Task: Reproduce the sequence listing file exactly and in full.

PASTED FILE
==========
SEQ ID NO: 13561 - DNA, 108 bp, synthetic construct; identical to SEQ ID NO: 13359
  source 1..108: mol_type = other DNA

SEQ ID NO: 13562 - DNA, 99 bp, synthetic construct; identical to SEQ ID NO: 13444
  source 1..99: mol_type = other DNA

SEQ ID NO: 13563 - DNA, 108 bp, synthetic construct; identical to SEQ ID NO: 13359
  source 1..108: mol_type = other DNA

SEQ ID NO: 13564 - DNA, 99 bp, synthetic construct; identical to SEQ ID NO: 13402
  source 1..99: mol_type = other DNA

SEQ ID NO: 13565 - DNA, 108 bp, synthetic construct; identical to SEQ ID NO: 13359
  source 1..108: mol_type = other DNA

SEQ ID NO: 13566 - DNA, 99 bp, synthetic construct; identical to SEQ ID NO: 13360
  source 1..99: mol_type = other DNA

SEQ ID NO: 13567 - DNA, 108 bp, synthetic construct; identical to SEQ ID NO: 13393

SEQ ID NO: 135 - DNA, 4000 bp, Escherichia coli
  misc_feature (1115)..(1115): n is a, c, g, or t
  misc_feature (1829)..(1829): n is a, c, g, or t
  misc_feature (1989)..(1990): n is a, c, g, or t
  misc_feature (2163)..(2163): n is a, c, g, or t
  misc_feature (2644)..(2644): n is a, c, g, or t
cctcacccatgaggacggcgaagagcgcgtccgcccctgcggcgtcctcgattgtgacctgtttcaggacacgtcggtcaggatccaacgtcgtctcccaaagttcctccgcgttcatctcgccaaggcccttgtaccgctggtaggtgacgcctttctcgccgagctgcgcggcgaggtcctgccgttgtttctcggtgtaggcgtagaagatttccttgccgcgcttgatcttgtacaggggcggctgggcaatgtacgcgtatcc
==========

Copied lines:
SEQ ID NO: 13561 - DNA, 108 bp, synthetic construct; identical to SEQ ID NO: 13359
  source 1..108: mol_type = other DNA

SEQ ID NO: 13562 - DNA, 99 bp, synthetic construct; identical to SEQ ID NO: 13444
  source 1..99: mol_type = other DNA

SEQ ID NO: 13563 - DNA, 108 bp, synthetic construct; identical to SEQ ID NO: 13359
  source 1..108: mol_type = other DNA

SEQ ID NO: 13564 - DNA, 99 bp, synthetic construct; identical to SEQ ID NO: 13402
  source 1..99: mol_type = other DNA

SEQ ID NO: 13565 - DNA, 108 bp, synthetic construct; identical to SEQ ID NO: 13359
  source 1..108: mol_type = other DNA

SEQ ID NO: 13566 - DNA, 99 bp, synthetic construct; identical to SEQ ID NO: 13360
  source 1..99: mol_type = other DNA

SEQ ID NO: 13567 - DNA, 108 bp, synthetic construct; identical to SEQ ID NO: 13393

SEQ ID NO: 135 - DNA, 4000 bp, Escherichia coli
  misc_feature (1115)..(1115): n is a, c, g, or t
  misc_feature (1829)..(1829): n is a, c, g, or t
  misc_feature (1989)..(1990): n is a, c, g, or t
  misc_feature (2163)..(2163): n is a, c, g, or t
  misc_feature (2644)..(2644): n is a, c, g, or t
cctcacccatgaggacggcgaagagcgcgtccgcccctgcggcgtcctcgattgtgacctgtttcaggacacgtcggtcaggatccaacgtcgtctcccaaagttcctccgcgttcatctcgccaaggcccttgtaccgctggtaggtgacgcctttctcgccgagctgcgcggcgaggtcctgccgttgtttctcggtgtaggcgtagaagatttccttgccgcgcttgatcttgtacaggggcggctgggcaatgtacgcgtatcc